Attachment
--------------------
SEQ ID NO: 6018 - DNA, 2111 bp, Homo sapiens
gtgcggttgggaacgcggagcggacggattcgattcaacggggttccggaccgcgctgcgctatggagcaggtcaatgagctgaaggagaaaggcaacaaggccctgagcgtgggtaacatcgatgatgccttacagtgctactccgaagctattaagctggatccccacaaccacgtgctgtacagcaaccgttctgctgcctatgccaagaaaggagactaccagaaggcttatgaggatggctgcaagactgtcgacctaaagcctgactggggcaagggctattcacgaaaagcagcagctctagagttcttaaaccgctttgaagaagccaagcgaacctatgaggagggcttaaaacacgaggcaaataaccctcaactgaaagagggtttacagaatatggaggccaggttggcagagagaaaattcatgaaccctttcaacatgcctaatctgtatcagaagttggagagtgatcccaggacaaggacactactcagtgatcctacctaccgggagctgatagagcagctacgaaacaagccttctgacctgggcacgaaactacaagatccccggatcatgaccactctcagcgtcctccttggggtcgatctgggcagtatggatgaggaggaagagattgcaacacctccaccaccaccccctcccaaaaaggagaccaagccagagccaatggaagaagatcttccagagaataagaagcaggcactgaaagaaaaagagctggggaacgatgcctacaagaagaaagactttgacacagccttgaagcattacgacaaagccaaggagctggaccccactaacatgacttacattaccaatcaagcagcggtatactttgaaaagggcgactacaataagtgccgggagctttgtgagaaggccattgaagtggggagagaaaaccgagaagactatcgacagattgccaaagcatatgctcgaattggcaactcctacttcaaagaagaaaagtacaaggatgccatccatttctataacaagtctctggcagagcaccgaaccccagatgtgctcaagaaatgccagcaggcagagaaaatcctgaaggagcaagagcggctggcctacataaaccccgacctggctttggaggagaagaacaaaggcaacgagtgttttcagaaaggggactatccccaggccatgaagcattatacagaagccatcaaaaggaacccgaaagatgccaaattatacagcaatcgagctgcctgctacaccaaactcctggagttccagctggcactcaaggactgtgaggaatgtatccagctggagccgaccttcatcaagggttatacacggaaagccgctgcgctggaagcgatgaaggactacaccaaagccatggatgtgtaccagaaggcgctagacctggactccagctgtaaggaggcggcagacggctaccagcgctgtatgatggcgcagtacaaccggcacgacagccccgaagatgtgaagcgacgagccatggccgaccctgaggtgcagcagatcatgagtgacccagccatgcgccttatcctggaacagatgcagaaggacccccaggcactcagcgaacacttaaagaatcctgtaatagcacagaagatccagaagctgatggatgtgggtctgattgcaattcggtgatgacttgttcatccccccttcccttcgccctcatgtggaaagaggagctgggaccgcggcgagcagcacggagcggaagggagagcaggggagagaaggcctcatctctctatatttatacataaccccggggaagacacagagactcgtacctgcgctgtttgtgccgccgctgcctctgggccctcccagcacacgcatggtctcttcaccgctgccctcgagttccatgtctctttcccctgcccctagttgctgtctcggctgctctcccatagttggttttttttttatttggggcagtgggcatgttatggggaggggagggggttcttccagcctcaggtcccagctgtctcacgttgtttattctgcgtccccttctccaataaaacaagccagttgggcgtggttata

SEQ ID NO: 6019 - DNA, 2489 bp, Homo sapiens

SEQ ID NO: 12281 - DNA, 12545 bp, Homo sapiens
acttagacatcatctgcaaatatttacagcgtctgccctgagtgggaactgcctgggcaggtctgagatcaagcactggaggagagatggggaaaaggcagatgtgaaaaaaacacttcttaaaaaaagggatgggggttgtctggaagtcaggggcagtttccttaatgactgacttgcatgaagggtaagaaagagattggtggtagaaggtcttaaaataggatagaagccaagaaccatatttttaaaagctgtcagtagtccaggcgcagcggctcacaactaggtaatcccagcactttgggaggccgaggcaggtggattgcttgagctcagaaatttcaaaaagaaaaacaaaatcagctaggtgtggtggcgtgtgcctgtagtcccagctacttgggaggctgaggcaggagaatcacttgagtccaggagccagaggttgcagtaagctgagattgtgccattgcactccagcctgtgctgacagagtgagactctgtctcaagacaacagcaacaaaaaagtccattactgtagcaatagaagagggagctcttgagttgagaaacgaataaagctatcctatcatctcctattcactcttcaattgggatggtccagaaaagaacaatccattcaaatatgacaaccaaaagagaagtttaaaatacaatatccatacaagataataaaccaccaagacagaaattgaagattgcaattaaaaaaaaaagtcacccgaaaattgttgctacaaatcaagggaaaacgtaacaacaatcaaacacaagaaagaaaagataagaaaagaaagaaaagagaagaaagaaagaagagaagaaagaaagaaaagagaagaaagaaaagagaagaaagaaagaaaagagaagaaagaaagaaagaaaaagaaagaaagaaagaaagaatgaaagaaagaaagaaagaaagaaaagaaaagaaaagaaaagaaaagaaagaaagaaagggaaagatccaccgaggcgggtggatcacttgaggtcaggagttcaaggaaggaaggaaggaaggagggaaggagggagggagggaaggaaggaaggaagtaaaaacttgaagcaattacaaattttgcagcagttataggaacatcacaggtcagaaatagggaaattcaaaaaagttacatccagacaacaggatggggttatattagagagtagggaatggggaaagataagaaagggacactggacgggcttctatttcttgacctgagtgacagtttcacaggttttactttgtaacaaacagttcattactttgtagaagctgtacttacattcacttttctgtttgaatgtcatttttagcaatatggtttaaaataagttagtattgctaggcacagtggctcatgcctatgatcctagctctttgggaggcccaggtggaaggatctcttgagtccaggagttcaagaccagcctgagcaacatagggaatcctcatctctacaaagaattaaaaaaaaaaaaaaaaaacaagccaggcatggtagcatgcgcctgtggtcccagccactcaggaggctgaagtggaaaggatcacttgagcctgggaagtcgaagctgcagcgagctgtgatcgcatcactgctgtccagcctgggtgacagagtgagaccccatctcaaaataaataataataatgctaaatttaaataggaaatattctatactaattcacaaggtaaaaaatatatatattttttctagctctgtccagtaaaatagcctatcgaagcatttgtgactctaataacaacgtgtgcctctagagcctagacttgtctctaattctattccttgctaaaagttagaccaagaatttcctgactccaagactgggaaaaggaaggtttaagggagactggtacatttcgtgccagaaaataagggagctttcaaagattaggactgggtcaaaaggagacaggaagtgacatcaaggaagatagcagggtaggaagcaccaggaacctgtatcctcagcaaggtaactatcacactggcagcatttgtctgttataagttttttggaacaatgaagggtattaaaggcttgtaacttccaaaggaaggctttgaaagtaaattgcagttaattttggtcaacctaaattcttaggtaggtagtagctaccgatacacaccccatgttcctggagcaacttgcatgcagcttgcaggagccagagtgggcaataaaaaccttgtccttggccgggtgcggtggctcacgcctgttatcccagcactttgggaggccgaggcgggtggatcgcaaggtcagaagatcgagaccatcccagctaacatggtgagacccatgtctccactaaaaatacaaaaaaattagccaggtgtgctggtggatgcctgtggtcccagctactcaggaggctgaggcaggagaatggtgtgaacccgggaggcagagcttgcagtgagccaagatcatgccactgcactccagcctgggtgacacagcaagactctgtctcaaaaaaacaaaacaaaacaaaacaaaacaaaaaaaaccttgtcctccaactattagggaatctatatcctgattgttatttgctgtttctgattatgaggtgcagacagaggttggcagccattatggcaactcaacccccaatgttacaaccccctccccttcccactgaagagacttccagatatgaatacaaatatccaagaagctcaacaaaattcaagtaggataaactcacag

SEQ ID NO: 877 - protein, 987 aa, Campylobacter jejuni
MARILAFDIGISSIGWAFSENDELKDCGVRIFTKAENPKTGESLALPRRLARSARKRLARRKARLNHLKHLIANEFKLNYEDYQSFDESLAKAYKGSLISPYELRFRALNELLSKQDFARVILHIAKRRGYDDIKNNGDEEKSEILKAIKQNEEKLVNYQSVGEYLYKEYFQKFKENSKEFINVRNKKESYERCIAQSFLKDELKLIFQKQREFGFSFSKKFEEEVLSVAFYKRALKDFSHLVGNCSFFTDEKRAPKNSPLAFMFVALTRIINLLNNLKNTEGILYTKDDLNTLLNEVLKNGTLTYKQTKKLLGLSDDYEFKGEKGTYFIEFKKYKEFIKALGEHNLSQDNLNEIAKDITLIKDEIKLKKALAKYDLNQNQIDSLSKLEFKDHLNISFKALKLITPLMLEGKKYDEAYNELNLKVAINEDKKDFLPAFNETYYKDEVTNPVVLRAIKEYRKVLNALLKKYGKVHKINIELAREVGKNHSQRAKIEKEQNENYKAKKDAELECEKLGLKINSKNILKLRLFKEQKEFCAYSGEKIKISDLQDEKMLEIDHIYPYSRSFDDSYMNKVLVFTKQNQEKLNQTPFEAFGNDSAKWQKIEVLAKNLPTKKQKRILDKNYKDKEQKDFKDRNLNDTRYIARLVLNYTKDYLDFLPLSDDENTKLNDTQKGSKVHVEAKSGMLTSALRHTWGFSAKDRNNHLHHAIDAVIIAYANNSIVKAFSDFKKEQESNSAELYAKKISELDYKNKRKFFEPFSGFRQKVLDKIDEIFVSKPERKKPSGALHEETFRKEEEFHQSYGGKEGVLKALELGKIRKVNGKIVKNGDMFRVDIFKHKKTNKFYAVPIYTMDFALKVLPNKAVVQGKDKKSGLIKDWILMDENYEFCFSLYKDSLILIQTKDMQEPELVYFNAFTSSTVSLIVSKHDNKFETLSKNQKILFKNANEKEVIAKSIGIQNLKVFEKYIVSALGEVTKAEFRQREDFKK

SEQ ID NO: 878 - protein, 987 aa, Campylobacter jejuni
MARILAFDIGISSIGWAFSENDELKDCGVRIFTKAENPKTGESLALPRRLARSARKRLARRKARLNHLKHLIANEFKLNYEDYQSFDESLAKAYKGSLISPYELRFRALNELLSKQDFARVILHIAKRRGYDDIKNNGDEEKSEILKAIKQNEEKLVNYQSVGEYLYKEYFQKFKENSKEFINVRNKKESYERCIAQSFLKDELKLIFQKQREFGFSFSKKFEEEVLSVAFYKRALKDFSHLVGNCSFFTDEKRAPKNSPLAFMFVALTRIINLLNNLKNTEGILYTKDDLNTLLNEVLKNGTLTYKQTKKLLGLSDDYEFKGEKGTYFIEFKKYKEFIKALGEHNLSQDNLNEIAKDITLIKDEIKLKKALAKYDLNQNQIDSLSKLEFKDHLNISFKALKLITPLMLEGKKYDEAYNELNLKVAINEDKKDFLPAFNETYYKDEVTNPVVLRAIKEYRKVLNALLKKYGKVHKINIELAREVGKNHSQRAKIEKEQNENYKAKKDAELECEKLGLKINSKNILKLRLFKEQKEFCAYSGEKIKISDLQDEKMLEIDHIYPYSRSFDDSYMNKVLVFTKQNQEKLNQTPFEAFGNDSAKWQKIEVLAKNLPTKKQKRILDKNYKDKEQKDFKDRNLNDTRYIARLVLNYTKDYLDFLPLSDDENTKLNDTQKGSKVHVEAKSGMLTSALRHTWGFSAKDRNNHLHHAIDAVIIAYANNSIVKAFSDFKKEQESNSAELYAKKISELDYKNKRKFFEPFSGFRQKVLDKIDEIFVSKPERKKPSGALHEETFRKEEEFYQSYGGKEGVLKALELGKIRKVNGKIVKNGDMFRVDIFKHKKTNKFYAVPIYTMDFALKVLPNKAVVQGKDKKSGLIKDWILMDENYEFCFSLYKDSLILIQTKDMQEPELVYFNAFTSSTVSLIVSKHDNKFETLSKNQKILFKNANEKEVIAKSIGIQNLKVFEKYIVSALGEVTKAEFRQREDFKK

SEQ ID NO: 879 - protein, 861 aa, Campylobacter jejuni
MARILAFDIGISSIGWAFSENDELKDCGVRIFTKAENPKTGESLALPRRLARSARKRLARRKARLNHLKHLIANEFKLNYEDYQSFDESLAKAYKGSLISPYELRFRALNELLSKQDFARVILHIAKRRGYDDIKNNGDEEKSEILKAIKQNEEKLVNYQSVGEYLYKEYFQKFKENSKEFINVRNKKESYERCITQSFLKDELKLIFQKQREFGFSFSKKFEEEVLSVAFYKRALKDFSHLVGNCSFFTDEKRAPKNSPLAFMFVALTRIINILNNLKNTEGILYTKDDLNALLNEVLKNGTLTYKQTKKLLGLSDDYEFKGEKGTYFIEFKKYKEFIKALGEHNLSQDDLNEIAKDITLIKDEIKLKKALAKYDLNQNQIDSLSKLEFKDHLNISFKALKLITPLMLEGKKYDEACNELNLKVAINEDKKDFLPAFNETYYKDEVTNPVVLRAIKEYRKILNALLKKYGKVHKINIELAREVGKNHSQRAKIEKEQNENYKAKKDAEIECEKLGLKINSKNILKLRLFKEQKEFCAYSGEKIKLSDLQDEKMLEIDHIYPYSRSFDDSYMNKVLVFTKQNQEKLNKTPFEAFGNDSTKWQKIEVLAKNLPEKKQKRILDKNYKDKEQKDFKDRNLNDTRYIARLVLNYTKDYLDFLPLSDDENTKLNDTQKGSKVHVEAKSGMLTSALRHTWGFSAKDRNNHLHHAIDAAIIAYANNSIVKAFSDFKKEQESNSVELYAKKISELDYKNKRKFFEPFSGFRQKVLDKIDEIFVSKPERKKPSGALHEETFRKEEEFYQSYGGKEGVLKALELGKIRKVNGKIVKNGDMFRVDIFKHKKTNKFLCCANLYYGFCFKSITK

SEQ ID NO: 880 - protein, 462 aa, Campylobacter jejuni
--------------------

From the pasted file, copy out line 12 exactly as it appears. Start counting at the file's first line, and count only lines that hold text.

SEQ ID NO: 880 - protein, 462 aa, Campylobacter jejuni